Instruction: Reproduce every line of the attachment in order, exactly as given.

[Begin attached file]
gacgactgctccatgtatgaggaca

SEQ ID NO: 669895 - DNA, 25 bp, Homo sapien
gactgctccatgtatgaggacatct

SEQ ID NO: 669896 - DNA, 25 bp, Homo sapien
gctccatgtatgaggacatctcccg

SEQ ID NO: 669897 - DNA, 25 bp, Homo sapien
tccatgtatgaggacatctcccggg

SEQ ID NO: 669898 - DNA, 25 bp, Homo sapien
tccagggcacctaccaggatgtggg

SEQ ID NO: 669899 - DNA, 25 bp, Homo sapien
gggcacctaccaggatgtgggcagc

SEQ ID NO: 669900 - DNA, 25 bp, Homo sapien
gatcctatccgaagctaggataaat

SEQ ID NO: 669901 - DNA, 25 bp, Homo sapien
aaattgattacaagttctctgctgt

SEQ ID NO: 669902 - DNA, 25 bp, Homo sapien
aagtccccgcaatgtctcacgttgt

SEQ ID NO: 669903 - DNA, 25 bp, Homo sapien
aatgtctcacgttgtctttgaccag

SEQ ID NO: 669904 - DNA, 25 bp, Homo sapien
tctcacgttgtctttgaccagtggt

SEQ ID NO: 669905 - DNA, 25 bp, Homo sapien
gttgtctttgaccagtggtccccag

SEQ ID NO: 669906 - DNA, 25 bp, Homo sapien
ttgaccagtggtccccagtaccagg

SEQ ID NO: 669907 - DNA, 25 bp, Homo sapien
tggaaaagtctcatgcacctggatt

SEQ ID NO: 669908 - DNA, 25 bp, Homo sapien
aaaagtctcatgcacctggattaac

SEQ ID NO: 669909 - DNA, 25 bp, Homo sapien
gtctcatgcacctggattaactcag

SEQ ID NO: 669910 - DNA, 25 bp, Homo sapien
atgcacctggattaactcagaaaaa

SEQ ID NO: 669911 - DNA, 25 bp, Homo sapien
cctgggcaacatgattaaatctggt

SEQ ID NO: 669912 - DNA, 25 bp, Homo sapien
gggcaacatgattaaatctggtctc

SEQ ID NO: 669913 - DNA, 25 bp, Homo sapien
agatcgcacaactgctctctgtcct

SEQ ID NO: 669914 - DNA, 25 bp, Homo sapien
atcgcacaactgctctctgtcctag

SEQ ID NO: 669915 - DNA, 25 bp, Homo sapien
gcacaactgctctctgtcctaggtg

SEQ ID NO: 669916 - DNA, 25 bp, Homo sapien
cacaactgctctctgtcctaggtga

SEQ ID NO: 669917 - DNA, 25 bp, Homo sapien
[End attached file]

gacgactgctccatgtatgaggaca

SEQ ID NO: 669895 - DNA, 25 bp, Homo sapien
gactgctccatgtatgaggacatct

SEQ ID NO: 669896 - DNA, 25 bp, Homo sapien
gctccatgtatgaggacatctcccg

SEQ ID NO: 669897 - DNA, 25 bp, Homo sapien
tccatgtatgaggacatctcccggg

SEQ ID NO: 669898 - DNA, 25 bp, Homo sapien
tccagggcacctaccaggatgtggg

SEQ ID NO: 669899 - DNA, 25 bp, Homo sapien
gggcacctaccaggatgtgggcagc

SEQ ID NO: 669900 - DNA, 25 bp, Homo sapien
gatcctatccgaagctaggataaat

SEQ ID NO: 669901 - DNA, 25 bp, Homo sapien
aaattgattacaagttctctgctgt

SEQ ID NO: 669902 - DNA, 25 bp, Homo sapien
aagtccccgcaatgtctcacgttgt

SEQ ID NO: 669903 - DNA, 25 bp, Homo sapien
aatgtctcacgttgtctttgaccag

SEQ ID NO: 669904 - DNA, 25 bp, Homo sapien
tctcacgttgtctttgaccagtggt

SEQ ID NO: 669905 - DNA, 25 bp, Homo sapien
gttgtctttgaccagtggtccccag

SEQ ID NO: 669906 - DNA, 25 bp, Homo sapien
ttgaccagtggtccccagtaccagg

SEQ ID NO: 669907 - DNA, 25 bp, Homo sapien
tggaaaagtctcatgcacctggatt

SEQ ID NO: 669908 - DNA, 25 bp, Homo sapien
aaaagtctcatgcacctggattaac

SEQ ID NO: 669909 - DNA, 25 bp, Homo sapien
gtctcatgcacctggattaactcag

SEQ ID NO: 669910 - DNA, 25 bp, Homo sapien
atgcacctggattaactcagaaaaa

SEQ ID NO: 669911 - DNA, 25 bp, Homo sapien
cctgggcaacatgattaaatctggt

SEQ ID NO: 669912 - DNA, 25 bp, Homo sapien
gggcaacatgattaaatctggtctc

SEQ ID NO: 669913 - DNA, 25 bp, Homo sapien
agatcgcacaactgctctctgtcct

SEQ ID NO: 669914 - DNA, 25 bp, Homo sapien
atcgcacaactgctctctgtcctag

SEQ ID NO: 669915 - DNA, 25 bp, Homo sapien
gcacaactgctctctgtcctaggtg

SEQ ID NO: 669916 - DNA, 25 bp, Homo sapien
cacaactgctctctgtcctaggtga

SEQ ID NO: 669917 - DNA, 25 bp, Homo sapien